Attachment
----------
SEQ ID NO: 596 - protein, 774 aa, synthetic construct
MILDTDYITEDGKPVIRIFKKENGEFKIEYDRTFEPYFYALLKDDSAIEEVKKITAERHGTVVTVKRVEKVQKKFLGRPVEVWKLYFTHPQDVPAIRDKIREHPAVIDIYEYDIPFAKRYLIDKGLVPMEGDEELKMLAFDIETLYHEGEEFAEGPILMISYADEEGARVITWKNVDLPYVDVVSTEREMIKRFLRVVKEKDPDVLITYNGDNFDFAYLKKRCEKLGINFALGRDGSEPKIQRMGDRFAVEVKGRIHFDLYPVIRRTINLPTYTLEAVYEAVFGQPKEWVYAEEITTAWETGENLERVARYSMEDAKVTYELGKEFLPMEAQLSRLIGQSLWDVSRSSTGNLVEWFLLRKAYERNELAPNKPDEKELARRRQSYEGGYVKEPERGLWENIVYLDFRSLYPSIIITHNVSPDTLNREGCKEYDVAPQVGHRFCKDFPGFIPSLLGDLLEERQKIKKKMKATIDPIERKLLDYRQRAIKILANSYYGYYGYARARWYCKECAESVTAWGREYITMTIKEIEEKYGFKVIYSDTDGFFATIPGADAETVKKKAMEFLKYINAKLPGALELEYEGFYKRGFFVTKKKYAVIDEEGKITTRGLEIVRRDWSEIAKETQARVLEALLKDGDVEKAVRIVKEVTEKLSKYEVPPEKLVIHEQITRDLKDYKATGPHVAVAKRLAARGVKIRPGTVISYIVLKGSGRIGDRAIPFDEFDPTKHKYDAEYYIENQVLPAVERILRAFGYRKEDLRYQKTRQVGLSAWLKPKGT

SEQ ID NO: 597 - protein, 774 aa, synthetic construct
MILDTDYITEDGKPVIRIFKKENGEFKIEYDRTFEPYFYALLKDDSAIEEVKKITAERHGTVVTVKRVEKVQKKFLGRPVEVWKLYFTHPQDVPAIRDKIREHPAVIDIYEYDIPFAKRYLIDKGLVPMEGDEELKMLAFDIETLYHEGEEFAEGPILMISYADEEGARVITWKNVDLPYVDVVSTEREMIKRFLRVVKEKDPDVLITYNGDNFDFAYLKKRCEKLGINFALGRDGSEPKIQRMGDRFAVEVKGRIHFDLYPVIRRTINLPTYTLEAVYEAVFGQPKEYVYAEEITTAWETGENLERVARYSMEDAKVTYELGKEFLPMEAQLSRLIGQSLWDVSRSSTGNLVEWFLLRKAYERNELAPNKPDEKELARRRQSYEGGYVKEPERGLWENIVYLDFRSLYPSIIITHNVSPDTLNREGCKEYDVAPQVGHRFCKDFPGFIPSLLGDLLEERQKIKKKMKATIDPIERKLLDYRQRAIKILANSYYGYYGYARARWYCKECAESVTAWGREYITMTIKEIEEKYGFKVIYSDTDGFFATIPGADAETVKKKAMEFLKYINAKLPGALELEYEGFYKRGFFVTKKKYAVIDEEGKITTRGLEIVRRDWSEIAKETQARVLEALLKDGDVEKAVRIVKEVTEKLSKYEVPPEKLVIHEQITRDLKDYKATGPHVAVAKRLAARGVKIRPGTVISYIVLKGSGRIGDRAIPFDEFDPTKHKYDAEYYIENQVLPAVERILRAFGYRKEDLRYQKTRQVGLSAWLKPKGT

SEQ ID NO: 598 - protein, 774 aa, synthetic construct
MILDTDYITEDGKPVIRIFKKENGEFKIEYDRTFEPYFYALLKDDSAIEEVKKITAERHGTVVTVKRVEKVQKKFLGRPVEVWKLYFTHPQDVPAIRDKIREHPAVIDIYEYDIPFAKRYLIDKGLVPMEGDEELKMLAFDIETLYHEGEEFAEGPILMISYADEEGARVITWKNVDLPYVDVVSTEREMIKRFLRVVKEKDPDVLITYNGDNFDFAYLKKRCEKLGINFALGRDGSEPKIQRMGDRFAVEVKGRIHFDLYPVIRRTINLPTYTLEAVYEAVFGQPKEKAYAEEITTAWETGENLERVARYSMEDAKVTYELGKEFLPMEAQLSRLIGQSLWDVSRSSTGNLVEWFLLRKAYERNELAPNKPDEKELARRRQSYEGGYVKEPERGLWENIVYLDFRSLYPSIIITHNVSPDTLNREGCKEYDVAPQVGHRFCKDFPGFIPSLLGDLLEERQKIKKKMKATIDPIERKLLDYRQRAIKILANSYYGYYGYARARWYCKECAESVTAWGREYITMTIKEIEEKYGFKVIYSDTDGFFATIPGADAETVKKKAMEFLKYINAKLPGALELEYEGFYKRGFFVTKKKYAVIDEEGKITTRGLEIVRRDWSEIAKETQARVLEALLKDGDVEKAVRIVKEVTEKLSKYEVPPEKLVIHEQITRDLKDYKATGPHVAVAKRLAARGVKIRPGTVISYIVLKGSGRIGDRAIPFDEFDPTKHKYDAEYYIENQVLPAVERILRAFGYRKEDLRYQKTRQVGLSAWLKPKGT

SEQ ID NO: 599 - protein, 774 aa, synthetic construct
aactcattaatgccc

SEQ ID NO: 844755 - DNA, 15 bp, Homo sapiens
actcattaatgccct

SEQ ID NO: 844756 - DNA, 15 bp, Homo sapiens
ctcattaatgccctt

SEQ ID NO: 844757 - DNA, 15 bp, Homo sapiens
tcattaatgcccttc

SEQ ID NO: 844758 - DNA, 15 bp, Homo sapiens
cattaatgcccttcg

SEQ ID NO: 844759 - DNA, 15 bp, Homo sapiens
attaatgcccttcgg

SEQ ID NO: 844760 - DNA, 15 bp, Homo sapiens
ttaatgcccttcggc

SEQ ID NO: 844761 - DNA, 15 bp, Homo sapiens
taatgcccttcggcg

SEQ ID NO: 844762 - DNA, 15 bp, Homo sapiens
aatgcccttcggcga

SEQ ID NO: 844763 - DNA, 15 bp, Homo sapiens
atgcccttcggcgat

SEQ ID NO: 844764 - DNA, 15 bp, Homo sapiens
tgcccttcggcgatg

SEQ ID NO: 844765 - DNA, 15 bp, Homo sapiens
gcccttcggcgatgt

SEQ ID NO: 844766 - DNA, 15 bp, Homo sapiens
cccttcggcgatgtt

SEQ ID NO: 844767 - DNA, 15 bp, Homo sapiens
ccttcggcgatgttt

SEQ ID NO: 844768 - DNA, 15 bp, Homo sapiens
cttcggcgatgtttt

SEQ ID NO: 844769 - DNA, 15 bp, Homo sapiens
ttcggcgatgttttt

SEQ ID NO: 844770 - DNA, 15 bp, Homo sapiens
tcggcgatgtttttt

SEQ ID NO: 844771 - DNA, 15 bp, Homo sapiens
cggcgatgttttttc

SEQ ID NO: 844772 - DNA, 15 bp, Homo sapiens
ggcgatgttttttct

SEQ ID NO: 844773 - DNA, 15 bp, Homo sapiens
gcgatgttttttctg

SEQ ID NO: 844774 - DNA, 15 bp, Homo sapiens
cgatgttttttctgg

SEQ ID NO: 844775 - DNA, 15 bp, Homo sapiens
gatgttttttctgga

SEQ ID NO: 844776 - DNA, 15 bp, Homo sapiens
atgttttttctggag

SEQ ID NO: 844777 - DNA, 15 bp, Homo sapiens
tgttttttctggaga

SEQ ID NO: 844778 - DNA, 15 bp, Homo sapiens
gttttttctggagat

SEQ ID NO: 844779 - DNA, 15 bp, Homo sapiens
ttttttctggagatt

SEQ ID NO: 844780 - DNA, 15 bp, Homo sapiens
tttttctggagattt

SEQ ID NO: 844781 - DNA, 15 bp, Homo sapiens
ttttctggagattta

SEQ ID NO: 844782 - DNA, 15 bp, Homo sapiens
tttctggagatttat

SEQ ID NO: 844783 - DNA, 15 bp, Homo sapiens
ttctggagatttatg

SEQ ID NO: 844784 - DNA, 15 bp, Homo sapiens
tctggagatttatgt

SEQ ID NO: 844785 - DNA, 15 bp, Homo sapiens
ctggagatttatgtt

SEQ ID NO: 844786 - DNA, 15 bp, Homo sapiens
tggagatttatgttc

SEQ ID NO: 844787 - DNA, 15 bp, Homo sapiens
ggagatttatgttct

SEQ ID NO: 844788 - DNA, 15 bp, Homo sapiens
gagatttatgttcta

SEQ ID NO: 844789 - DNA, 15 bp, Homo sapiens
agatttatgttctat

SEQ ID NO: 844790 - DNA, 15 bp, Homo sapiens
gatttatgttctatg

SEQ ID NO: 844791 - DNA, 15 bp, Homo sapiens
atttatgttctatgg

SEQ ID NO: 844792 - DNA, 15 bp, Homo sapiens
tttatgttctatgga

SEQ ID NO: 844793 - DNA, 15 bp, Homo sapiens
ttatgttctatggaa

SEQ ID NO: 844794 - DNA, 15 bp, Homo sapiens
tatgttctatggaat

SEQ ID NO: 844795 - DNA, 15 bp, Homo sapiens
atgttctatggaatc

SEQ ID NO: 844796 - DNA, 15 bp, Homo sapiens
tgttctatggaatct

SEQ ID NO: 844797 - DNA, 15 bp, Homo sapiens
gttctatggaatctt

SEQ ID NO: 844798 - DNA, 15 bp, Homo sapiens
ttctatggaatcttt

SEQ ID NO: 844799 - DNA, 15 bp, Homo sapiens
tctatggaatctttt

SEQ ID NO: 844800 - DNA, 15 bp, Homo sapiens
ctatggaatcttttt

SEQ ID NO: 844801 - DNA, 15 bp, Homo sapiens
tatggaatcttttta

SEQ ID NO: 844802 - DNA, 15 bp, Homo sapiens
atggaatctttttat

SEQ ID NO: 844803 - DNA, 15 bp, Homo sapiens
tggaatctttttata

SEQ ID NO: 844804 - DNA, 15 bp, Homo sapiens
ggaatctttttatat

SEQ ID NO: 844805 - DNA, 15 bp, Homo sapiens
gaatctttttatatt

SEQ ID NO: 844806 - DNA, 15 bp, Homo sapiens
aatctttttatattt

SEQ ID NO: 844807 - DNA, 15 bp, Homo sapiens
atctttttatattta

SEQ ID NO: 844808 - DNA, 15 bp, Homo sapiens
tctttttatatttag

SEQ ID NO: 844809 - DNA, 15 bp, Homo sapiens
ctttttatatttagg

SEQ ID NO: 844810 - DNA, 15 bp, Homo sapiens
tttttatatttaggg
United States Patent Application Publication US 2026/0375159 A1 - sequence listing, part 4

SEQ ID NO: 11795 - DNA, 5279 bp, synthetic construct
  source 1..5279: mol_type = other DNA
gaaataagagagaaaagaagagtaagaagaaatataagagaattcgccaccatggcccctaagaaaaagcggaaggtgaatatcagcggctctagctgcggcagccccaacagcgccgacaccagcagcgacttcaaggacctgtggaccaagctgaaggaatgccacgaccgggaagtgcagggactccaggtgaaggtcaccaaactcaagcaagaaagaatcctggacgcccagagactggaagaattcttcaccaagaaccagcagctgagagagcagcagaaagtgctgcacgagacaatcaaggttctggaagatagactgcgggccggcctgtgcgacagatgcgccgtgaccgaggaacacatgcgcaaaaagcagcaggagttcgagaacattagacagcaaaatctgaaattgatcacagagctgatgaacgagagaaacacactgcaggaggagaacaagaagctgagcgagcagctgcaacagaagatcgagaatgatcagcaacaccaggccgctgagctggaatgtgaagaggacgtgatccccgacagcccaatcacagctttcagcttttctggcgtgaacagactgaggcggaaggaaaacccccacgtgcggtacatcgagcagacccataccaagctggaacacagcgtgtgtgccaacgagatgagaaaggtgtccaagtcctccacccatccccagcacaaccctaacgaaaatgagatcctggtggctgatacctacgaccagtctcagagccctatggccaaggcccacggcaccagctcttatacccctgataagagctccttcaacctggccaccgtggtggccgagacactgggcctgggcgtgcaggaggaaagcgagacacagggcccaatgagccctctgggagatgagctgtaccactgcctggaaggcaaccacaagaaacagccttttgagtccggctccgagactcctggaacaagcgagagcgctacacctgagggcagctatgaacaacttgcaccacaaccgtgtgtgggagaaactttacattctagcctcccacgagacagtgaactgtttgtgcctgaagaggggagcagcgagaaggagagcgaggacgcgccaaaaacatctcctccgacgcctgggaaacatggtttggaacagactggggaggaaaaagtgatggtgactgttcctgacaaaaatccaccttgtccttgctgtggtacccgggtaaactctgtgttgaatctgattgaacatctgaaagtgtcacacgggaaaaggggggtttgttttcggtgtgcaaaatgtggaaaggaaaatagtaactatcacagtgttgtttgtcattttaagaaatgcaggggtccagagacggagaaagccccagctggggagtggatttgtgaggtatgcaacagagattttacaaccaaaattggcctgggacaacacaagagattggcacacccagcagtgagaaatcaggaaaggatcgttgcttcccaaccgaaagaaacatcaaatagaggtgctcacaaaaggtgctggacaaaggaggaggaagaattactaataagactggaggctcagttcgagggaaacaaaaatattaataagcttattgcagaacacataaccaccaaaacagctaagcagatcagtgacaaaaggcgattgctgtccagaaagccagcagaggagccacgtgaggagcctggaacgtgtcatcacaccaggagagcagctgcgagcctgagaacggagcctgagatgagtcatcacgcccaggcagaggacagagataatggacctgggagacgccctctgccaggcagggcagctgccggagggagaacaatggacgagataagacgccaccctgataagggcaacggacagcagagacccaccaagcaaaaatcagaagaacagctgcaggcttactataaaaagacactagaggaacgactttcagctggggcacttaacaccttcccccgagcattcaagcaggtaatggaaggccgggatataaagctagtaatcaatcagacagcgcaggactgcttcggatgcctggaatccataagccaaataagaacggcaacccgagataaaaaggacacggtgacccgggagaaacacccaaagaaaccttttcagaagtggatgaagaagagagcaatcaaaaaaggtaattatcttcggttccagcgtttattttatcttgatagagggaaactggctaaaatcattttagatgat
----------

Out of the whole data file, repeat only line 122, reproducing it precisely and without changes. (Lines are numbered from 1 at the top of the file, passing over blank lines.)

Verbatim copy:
SEQ ID NO: 11795 - DNA, 5279 bp, synthetic construct